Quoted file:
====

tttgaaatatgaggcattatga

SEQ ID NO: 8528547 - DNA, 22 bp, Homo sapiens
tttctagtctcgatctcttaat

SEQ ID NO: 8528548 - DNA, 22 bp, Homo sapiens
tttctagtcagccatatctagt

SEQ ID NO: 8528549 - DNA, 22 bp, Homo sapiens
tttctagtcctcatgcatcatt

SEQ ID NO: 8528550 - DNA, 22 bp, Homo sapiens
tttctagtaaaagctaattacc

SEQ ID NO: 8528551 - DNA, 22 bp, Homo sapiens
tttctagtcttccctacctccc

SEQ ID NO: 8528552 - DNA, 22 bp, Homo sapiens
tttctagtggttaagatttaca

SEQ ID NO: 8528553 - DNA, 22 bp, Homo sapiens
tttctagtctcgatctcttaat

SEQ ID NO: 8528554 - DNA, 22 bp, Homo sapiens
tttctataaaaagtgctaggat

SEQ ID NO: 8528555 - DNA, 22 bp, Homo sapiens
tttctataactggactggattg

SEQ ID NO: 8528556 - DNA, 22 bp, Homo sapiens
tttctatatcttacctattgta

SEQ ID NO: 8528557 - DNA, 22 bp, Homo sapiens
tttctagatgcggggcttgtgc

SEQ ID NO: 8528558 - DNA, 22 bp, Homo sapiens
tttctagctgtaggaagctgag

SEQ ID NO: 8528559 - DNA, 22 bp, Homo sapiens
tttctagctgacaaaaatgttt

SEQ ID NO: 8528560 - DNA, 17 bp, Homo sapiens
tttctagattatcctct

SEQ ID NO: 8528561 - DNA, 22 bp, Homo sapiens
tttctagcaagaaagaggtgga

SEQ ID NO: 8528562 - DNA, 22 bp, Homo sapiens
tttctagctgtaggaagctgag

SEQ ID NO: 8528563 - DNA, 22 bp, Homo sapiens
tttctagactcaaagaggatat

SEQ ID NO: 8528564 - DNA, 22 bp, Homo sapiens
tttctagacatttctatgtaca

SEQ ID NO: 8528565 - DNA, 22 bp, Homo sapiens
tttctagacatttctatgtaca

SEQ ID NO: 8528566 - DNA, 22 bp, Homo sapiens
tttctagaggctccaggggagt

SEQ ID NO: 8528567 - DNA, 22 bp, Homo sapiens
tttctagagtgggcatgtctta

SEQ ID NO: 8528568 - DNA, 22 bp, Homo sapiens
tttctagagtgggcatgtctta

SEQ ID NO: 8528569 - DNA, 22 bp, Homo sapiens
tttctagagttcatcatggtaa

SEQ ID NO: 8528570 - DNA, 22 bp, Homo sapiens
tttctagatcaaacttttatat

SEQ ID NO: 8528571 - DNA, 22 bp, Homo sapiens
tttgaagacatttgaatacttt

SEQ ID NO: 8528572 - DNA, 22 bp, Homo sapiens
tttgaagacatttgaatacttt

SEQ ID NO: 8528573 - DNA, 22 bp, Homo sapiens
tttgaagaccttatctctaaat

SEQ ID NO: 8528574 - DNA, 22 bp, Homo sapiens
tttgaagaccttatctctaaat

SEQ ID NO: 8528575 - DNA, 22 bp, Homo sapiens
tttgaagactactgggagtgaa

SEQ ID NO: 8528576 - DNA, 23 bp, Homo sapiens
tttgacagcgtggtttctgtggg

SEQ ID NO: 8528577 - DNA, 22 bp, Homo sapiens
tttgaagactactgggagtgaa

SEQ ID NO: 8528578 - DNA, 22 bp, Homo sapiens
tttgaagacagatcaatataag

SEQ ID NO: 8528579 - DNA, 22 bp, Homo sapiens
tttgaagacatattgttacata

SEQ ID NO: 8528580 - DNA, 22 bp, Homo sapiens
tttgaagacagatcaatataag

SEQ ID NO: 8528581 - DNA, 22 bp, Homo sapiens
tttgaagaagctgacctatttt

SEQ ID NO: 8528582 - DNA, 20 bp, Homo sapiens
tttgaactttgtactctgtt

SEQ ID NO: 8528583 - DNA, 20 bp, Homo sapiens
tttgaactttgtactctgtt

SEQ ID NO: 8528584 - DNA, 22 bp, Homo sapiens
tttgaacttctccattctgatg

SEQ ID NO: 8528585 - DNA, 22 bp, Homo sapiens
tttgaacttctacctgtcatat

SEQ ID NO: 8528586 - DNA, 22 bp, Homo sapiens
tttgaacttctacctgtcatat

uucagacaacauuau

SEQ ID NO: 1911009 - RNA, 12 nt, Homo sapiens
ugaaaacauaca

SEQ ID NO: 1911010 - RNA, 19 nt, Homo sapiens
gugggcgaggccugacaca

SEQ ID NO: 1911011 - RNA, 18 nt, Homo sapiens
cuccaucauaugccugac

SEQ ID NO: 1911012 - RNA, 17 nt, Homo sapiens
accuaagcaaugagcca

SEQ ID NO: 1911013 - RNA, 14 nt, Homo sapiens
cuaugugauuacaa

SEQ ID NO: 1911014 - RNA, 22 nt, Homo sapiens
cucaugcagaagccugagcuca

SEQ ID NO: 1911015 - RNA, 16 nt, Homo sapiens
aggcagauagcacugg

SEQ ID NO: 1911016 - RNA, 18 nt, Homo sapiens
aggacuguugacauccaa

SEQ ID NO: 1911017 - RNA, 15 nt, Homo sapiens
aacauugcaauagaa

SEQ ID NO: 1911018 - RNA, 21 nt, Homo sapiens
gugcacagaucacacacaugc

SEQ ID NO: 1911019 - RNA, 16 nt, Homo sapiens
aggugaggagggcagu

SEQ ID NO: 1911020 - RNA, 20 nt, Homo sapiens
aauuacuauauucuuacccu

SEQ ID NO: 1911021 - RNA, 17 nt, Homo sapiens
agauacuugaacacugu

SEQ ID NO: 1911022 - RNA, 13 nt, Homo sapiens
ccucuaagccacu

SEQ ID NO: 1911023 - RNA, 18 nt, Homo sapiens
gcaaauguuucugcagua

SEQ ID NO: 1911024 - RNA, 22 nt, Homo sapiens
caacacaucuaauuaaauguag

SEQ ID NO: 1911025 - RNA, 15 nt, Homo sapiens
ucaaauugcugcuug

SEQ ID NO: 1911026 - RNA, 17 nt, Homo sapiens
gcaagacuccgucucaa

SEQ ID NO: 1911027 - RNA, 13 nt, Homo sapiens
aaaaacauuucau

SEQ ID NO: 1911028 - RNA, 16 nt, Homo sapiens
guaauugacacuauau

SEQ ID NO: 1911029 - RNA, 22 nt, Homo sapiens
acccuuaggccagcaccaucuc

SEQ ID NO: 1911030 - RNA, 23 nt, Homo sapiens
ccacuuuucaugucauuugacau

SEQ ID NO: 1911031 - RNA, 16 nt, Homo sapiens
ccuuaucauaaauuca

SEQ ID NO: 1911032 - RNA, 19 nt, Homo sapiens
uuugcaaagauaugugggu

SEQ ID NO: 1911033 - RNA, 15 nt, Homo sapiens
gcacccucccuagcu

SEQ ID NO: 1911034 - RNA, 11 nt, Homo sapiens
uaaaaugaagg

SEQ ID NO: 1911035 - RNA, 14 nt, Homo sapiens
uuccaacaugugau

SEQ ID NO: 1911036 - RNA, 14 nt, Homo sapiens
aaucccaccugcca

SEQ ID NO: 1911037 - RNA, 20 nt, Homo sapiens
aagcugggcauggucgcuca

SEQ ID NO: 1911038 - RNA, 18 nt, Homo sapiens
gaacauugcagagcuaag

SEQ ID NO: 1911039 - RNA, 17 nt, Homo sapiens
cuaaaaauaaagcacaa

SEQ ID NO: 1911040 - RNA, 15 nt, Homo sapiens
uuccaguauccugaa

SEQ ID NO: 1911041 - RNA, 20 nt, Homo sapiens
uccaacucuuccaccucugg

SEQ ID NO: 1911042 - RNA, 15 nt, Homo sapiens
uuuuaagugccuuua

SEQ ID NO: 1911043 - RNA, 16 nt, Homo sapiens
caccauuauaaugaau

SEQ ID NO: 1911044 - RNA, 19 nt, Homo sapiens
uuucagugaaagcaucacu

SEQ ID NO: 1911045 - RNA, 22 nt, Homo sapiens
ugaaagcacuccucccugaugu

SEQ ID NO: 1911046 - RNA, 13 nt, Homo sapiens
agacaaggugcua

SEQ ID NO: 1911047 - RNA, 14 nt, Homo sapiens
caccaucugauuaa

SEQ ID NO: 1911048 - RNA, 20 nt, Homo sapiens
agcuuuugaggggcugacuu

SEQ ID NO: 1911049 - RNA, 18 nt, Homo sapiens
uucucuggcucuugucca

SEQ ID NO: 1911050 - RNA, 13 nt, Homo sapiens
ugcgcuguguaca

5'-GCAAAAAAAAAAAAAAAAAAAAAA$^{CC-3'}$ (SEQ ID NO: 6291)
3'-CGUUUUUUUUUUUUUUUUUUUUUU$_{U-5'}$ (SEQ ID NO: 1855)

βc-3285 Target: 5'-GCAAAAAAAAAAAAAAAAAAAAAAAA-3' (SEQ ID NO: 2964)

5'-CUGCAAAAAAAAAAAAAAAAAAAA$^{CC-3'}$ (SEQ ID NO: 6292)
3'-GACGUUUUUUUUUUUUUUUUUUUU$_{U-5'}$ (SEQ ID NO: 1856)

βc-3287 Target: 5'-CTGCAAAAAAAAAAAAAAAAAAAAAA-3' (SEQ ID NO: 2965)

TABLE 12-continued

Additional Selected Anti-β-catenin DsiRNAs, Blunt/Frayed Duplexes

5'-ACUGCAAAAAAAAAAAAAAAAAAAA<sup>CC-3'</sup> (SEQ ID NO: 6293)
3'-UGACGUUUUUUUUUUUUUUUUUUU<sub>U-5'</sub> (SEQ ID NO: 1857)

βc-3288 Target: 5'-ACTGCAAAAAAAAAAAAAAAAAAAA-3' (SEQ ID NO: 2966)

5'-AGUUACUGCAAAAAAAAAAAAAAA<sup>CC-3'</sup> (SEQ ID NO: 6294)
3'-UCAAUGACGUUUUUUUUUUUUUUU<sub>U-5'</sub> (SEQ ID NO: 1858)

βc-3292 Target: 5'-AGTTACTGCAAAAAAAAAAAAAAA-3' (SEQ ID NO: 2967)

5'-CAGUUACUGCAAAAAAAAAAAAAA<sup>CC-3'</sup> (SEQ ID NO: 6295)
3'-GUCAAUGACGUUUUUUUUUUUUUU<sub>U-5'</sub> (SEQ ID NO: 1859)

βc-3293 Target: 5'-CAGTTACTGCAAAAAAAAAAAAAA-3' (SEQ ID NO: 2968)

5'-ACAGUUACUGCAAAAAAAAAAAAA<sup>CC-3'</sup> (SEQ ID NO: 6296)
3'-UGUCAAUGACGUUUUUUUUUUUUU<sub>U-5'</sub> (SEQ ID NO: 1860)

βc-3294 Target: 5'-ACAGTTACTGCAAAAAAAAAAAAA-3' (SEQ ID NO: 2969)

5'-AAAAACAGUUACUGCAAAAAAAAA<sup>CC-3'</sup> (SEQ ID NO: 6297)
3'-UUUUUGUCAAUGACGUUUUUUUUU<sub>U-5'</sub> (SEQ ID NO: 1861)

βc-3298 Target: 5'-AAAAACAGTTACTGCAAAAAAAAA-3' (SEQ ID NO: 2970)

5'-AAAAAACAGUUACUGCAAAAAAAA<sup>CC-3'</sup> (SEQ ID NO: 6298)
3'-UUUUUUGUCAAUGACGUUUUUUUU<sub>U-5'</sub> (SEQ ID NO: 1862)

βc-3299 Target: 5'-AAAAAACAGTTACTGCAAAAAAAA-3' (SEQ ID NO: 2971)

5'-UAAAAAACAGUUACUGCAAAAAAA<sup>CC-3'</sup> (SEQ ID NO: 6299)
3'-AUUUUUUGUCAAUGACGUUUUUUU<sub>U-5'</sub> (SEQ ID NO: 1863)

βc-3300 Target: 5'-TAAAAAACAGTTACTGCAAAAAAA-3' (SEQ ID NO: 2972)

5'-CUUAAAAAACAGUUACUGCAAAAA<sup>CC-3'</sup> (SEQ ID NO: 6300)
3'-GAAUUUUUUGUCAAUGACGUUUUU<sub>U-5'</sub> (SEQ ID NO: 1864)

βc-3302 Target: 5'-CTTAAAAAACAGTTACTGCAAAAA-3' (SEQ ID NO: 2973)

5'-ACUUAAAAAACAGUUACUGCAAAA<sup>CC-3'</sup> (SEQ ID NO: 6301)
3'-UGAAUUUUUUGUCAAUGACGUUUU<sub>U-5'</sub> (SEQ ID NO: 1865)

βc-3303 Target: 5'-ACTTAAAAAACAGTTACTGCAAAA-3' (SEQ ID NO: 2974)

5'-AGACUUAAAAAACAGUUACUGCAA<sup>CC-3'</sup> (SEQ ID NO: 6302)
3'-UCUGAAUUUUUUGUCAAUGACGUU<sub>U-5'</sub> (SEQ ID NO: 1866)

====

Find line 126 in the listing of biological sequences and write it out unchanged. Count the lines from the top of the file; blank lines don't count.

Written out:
ccacuuuucaugucauuugacau